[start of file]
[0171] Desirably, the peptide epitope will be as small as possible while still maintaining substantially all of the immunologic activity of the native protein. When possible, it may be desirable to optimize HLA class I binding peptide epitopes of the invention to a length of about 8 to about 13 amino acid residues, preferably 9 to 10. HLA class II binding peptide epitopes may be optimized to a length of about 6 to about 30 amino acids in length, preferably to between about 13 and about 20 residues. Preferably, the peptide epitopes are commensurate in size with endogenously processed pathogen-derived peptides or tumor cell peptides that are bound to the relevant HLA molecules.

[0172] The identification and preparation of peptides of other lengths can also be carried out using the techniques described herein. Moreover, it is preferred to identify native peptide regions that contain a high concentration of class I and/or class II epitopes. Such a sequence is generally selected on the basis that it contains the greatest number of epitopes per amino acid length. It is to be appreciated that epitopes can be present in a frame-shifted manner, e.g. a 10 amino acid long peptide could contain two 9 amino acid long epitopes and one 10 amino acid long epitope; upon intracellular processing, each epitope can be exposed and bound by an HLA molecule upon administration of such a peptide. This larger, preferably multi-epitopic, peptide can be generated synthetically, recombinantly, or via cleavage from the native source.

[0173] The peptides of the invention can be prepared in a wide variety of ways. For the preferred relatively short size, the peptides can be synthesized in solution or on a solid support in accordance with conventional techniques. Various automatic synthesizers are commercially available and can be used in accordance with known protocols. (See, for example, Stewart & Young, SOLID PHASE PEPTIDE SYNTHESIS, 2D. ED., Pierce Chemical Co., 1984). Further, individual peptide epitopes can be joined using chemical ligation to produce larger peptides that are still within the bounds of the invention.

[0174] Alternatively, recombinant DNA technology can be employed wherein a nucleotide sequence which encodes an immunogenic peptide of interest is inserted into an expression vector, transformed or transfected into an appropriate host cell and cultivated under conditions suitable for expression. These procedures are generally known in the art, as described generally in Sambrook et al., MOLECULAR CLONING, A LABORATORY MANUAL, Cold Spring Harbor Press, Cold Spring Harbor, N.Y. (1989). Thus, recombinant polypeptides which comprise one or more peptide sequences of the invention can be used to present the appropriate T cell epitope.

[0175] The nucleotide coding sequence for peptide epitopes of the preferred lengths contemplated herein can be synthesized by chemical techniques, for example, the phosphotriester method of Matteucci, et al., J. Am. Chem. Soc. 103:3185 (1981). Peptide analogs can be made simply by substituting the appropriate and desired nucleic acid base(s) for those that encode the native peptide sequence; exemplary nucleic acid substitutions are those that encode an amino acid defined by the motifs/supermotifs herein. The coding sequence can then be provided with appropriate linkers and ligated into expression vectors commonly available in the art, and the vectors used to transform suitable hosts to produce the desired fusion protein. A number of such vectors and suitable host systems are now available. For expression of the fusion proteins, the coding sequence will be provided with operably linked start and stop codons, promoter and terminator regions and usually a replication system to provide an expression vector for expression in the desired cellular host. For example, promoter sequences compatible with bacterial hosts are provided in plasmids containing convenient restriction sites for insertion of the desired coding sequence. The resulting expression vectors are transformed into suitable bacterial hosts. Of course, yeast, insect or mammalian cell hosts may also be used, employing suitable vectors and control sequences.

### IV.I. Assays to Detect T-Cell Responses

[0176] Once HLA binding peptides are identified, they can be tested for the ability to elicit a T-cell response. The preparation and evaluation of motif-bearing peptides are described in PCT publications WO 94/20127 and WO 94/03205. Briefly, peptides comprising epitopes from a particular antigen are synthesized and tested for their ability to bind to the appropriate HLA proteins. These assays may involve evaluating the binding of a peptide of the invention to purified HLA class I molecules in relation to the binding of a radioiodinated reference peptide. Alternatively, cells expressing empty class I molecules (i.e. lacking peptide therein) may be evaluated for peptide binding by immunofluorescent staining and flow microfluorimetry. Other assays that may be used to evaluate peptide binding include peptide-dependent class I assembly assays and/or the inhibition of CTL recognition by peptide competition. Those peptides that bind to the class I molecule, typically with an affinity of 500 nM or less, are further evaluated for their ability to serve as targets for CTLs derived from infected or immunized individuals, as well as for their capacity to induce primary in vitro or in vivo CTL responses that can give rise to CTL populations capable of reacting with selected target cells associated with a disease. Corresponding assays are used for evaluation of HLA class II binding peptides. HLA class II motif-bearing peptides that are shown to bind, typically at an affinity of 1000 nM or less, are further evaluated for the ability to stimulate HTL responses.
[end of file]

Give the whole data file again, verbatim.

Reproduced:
[0171] Desirably, the peptide epitope will be as small as possible while still maintaining substantially all of the immunologic activity of the native protein. When possible, it may be desirable to optimize HLA class I binding peptide epitopes of the invention to a length of about 8 to about 13 amino acid residues, preferably 9 to 10. HLA class II binding peptide epitopes may be optimized to a length of about 6 to about 30 amino acids in length, preferably to between about 13 and about 20 residues. Preferably, the peptide epitopes are commensurate in size with endogenously processed pathogen-derived peptides or tumor cell peptides that are bound to the relevant HLA molecules.

[0172] The identification and preparation of peptides of other lengths can also be carried out using the techniques described herein. Moreover, it is preferred to identify native peptide regions that contain a high concentration of class I and/or class II epitopes. Such a sequence is generally selected on the basis that it contains the greatest number of epitopes per amino acid length. It is to be appreciated that epitopes can be present in a frame-shifted manner, e.g. a 10 amino acid long peptide could contain two 9 amino acid long epitopes and one 10 amino acid long epitope; upon intracellular processing, each epitope can be exposed and bound by an HLA molecule upon administration of such a peptide. This larger, preferably multi-epitopic, peptide can be generated synthetically, recombinantly, or via cleavage from the native source.

[0173] The peptides of the invention can be prepared in a wide variety of ways. For the preferred relatively short size, the peptides can be synthesized in solution or on a solid support in accordance with conventional techniques. Various automatic synthesizers are commercially available and can be used in accordance with known protocols. (See, for example, Stewart & Young, SOLID PHASE PEPTIDE SYNTHESIS, 2D. ED., Pierce Chemical Co., 1984). Further, individual peptide epitopes can be joined using chemical ligation to produce larger peptides that are still within the bounds of the invention.

[0174] Alternatively, recombinant DNA technology can be employed wherein a nucleotide sequence which encodes an immunogenic peptide of interest is inserted into an expression vector, transformed or transfected into an appropriate host cell and cultivated under conditions suitable for expression. These procedures are generally known in the art, as described generally in Sambrook et al., MOLECULAR CLONING, A LABORATORY MANUAL, Cold Spring Harbor Press, Cold Spring Harbor, N.Y. (1989). Thus, recombinant polypeptides which comprise one or more peptide sequences of the invention can be used to present the appropriate T cell epitope.

[0175] The nucleotide coding sequence for peptide epitopes of the preferred lengths contemplated herein can be synthesized by chemical techniques, for example, the phosphotriester method of Matteucci, et al., J. Am. Chem. Soc. 103:3185 (1981). Peptide analogs can be made simply by substituting the appropriate and desired nucleic acid base(s) for those that encode the native peptide sequence; exemplary nucleic acid substitutions are those that encode an amino acid defined by the motifs/supermotifs herein. The coding sequence can then be provided with appropriate linkers and ligated into expression vectors commonly available in the art, and the vectors used to transform suitable hosts to produce the desired fusion protein. A number of such vectors and suitable host systems are now available. For expression of the fusion proteins, the coding sequence will be provided with operably linked start and stop codons, promoter and terminator regions and usually a replication system to provide an expression vector for expression in the desired cellular host. For example, promoter sequences compatible with bacterial hosts are provided in plasmids containing convenient restriction sites for insertion of the desired coding sequence. The resulting expression vectors are transformed into suitable bacterial hosts. Of course, yeast, insect or mammalian cell hosts may also be used, employing suitable vectors and control sequences.

### IV.I. Assays to Detect T-Cell Responses

[0176] Once HLA binding peptides are identified, they can be tested for the ability to elicit a T-cell response. The preparation and evaluation of motif-bearing peptides are described in PCT publications WO 94/20127 and WO 94/03205. Briefly, peptides comprising epitopes from a particular antigen are synthesized and tested for their ability to bind to the appropriate HLA proteins. These assays may involve evaluating the binding of a peptide of the invention to purified HLA class I molecules in relation to the binding of a radioiodinated reference peptide. Alternatively, cells expressing empty class I molecules (i.e. lacking peptide therein) may be evaluated for peptide binding by immunofluorescent staining and flow microfluorimetry. Other assays that may be used to evaluate peptide binding include peptide-dependent class I assembly assays and/or the inhibition of CTL recognition by peptide competition. Those peptides that bind to the class I molecule, typically with an affinity of 500 nM or less, are further evaluated for their ability to serve as targets for CTLs derived from infected or immunized individuals, as well as for their capacity to induce primary in vitro or in vivo CTL responses that can give rise to CTL populations capable of reacting with selected target cells associated with a disease. Corresponding assays are used for evaluation of HLA class II binding peptides. HLA class II motif-bearing peptides that are shown to bind, typically at an affinity of 1000 nM or less, are further evaluated for the ability to stimulate HTL responses.